Grandmasters brutalised in Lippstadt

8/10/2003 – The weather is sultry, but one participant at the Lippstadt GM tournament is keeping its cool. Our experimental hardware program Brutus is taking point after point from its opponents. Brutus has won all three games so far – the first one with a spectacular piece sacrifice against Ukrainian GM Oleg Romanishin. Here are the computer games.

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The traditional category X GM tournament in Lippstadt (Germany) has an illustrious field of players from all over the world. This year the FPGA program Brutus, developed by Dr Christian Donninger of Austria. The acronym "FPGA" stands for Field Programmable Gate Arrays and is essentially a programmable chip. Donninger has written chess playing code for FPGA, which will run very much faster than on a general purpose chip like the Pentium or Athlon. The University of Paderborn has joined in to parallelise the system.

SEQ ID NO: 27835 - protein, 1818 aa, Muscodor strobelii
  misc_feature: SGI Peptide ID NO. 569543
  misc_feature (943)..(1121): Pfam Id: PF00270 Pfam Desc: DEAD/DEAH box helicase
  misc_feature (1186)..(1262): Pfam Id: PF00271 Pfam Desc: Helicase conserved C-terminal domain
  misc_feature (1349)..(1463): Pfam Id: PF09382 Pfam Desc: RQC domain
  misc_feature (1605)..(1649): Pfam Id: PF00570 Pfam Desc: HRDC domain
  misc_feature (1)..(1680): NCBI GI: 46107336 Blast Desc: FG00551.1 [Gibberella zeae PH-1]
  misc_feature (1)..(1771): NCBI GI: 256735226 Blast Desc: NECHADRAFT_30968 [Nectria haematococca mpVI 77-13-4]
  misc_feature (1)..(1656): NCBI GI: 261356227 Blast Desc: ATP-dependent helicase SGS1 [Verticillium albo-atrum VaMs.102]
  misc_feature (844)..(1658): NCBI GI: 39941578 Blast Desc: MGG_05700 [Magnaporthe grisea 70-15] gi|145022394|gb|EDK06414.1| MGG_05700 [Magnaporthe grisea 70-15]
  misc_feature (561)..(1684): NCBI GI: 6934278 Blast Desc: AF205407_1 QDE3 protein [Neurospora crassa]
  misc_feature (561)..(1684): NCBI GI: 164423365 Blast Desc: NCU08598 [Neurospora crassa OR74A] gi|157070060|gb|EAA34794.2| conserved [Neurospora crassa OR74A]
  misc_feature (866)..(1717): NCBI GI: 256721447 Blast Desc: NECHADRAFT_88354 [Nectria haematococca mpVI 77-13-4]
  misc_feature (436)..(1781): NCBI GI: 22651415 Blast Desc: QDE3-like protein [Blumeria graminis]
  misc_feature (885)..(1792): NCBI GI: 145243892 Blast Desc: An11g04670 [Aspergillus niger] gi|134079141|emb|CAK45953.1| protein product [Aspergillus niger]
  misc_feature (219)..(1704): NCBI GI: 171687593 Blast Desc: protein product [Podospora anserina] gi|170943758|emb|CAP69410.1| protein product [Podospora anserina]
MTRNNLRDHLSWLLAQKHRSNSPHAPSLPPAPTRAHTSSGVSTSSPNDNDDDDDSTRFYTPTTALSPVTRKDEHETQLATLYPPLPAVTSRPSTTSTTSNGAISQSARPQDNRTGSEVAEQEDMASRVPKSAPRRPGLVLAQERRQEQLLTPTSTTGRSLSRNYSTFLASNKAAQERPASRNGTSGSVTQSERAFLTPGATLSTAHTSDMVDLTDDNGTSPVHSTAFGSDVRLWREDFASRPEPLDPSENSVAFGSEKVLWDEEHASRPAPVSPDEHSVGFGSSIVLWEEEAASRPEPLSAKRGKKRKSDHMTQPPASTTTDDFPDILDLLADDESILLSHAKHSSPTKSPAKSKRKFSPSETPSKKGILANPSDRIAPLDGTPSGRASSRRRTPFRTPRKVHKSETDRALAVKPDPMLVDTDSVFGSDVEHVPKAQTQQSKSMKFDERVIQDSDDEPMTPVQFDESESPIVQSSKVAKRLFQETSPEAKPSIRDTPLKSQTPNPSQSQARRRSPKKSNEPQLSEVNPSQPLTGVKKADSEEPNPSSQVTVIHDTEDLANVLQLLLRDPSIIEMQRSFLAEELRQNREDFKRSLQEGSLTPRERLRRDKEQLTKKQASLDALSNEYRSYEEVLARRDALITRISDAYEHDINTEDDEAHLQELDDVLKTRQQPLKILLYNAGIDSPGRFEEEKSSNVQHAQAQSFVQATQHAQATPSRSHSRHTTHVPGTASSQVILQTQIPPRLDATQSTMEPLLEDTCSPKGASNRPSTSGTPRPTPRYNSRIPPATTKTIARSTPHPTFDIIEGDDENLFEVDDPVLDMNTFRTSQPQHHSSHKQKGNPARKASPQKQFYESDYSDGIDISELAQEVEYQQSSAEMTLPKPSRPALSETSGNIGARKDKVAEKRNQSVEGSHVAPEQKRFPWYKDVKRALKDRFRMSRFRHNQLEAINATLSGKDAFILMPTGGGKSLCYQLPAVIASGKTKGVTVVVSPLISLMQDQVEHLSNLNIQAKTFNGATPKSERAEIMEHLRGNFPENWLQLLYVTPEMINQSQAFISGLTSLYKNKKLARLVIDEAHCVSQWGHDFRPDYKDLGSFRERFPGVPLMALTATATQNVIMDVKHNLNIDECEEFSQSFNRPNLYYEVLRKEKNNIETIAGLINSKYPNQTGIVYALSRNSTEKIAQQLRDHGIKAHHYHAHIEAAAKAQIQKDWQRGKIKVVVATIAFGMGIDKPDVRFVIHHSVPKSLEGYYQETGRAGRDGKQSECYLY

An early version of the Brutus development card

An additional benefit of using FPGAs is that it is not just the search routines that are speeded up dramatically. Due to the sturcture of the code you can add chess knowledge in any quantity without slowing down the process. In regular PC programs each new quantum of knowledge is expensive – it is bought at the price of search speed. The FPGA program does not slow down when you add new knowledge modules.

Romanishin,O (2561) – BrutusP-I.XII [E07]
11th GM Lippstadt (1), 07.08.2003

21...Bxf2!? Brutus simply cannot resist such motifs, it is vicious about attacking the enemy king. Here the hardware program has seen that it will get a permanent attack and between two and four pawns for the piece.

The game continued 22.Kxf2 Nfg4+ 23.Kg1 Qh6 24.Rc3 Qxh2+ 25.Kf1 h5! 26.Qd4 h4 27.gxh4 Qxh4 28.Rh3 Nh2+ 29.Kg1? (Zeitnot) 29...Nhf3+ 30.Bxf3 Qxh3 31.Nd2 and White resigned because of 31...Nxf3+ 32.Nxf3 Qg3+ 33.Kf1 Qxf3+. 0-1.

  • Click here to replay all the games played by Brutus.

The hardware in Lippstadt was supplied by Alpha Data Parallel Systems Ltd. and the University of Paderborn. Dr Donninger's project is funded by ChessBase.

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